José Andrés
José Andrés

José Andrés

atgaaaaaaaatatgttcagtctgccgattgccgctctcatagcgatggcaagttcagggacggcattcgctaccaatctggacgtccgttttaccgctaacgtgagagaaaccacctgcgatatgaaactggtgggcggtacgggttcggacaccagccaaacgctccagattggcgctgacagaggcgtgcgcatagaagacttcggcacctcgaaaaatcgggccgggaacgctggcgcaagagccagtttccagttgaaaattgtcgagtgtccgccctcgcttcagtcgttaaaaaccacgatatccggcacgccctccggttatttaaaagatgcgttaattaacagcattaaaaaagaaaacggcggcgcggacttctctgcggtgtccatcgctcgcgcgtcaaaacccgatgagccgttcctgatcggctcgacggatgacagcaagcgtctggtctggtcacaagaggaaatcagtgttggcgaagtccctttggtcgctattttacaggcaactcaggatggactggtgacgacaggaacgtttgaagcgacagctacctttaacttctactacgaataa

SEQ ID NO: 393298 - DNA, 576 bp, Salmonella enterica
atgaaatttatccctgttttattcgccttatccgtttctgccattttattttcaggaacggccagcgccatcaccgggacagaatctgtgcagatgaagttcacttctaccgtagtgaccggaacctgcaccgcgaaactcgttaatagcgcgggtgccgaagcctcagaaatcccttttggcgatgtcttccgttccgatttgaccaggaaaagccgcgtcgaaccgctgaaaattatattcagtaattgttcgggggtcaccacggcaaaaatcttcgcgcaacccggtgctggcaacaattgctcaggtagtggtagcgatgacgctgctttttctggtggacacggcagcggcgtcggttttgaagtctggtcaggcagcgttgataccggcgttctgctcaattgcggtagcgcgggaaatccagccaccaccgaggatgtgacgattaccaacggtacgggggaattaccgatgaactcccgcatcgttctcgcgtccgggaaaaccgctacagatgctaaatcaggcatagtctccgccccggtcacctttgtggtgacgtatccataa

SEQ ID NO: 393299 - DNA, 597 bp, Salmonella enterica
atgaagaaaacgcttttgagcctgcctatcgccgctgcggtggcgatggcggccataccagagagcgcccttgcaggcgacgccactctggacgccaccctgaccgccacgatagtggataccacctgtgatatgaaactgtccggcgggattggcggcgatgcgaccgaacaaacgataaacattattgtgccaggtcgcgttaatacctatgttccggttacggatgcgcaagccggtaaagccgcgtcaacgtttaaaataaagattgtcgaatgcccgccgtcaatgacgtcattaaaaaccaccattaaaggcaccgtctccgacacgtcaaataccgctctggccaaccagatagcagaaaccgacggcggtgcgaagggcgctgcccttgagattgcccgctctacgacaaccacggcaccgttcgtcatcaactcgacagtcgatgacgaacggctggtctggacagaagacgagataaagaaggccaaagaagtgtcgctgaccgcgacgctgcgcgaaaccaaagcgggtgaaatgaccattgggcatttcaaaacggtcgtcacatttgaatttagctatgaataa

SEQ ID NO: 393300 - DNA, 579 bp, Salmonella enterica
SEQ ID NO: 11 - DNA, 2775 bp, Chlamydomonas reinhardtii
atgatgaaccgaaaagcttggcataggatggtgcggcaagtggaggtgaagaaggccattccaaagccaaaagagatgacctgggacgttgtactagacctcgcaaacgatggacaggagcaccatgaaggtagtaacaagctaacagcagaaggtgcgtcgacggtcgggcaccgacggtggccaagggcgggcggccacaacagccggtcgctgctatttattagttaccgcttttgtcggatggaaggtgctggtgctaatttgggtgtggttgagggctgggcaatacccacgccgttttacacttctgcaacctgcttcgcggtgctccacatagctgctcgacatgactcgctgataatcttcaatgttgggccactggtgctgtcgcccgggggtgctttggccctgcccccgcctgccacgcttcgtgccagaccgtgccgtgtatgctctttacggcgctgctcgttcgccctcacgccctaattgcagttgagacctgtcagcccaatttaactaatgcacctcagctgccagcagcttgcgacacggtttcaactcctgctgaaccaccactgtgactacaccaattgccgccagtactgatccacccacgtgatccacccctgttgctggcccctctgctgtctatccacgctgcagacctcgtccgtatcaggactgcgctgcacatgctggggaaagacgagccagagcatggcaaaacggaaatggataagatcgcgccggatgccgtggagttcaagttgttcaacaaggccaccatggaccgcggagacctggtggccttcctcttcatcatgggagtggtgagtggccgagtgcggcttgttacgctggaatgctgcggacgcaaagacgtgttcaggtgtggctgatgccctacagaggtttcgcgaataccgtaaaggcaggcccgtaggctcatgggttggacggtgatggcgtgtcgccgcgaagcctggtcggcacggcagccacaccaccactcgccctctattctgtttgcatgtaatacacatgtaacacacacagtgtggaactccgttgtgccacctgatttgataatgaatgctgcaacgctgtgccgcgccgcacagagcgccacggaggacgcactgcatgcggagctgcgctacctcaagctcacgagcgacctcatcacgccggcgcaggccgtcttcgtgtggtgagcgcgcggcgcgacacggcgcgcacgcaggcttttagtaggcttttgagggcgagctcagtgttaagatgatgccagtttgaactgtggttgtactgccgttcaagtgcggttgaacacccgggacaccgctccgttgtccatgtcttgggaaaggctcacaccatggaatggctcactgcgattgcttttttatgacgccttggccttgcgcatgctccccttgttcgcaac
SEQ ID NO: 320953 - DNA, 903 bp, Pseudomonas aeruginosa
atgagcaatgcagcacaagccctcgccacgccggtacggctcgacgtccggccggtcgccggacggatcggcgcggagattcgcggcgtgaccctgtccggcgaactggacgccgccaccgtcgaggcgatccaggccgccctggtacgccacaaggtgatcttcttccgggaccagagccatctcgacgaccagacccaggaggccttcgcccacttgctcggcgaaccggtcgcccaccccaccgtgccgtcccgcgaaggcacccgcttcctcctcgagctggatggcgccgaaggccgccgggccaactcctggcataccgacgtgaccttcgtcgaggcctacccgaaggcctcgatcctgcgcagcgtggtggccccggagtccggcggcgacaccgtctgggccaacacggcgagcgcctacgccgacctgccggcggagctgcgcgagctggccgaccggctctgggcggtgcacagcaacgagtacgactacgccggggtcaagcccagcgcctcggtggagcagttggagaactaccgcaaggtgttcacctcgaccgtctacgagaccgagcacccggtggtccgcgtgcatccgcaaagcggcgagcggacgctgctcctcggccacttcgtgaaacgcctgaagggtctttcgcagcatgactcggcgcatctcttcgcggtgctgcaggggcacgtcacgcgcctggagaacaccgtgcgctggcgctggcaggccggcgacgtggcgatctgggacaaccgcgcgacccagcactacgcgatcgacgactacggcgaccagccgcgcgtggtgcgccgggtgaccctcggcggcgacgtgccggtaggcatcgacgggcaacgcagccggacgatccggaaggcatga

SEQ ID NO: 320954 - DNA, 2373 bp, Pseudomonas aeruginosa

F&W Star Chef » See All F&W Chef Superstars Superstar Spanish chef José Andrés tells Food & Wine about his passion for paella, cooking à la plancha and why chopsticks are the perfect kitchen tool. What’s your most requested recipe, the one dish you’re most known for? More and more, my paella. I’ve also been making a big push for it over the past year—I truly believe everyone in America will know how to make paella within the next 50 years, and will cook paella like they now do barbecue on the 4th of July. It has all the right components: You cook it outside like you do for barbecue, but at the next level of sophistication. It gives you many options, and you can feed a lot of people once you get the hang of it. So I predict paella will be the next big thing. What’s your favorite cookbook of all time? I keep changing. I think my favorite book right now would be The Virginia Housewife, by Mary Randolph. If Americans want to know what America is, they need to know that book. It wasn’t the first cookbook printed in America, but you could argue it was the first cookbook printed in America written by an American. The cookbooks that preceded it were all copies of English books. It was an important book for me when I opened my pop-up, America Eats Tavern, in Washington, DC, last year; we offered a Mary Randolph tasting menu with her mock turtle soup. She even had 10 Spanish recipes in there. What’s the best cheap cooking gadget? The cheapest gadget—and you don’t even have to spend a dime—is chopsticks from a Chinese restaurant. I use them for everything: to toss salads, to turn a piece of meat in the pan, to flip croquettes in the Fryolator, to whisk eggs for omelets, to stir eggs into fried rice when I make that for my daughters. I also like to use chopsticks as tweezers; they can bring a level of sophistication when you cook. Sometimes I like to plate salads using chopsticks; it’s a great chance to concentrate and relax. What’s one technique everyone should know? How to cook à la plancha. A plancha is just a hot flat surface. So if you think about it, anything is a plancha, like a sauté pan or a griddle. À la plancha is the perfect way to cook for a crowd. Most people only use their griddles for pancakes, but you can sear vegetables like sliced zucchini or mushrooms, thinly sliced meats like chicken or pork, or thinly sliced fish or squid. You can do grilled cheese sandwiches à la plancha, a quick omelet à la plancha, you can even open oysters or clams à la plancha with hardly any need for oil. Nothing could be easier. Say you have beautiful, fresh, head-on Louisiana shrimp: You can sprinkle the hot plancha with a little salt, put the shrimp on the plancha and season the shrimp, then wait 4 to 5 minutes before flipping them to cook the other side. Wait another few minutes until the shrimp are white all the way through, and you have Louisiana shrimp à la plancha. Serve the shrimp or vegetables or omelet with a little pesto or mayonnaise, some other favorite sauce, mayo, you don’t need much. A plancha is all you need! Can you share a great entertaining tip? Don’t try to do more than one hot dish. To serve something hot à la minute, you have to be in the kitchen controlling the oven or the fire. Especially when you have more than eight or 10 people, things begin to get complicated. And when things get complicated, you’re not having fun, and the kitchen is a mess. Serve only one hot thing that can hold, like a soup—clam chowder, lobster chowder, pumpkin soup, people enjoy those a lot and they’re all very easy. If you want to keep your side dishes warmer than room temperature, consider buying a small steam table for the home, with the Sterno cans underneath. Last, don’t make excuses if something doesn’t turn out quite as you planned; you’ve tried your best.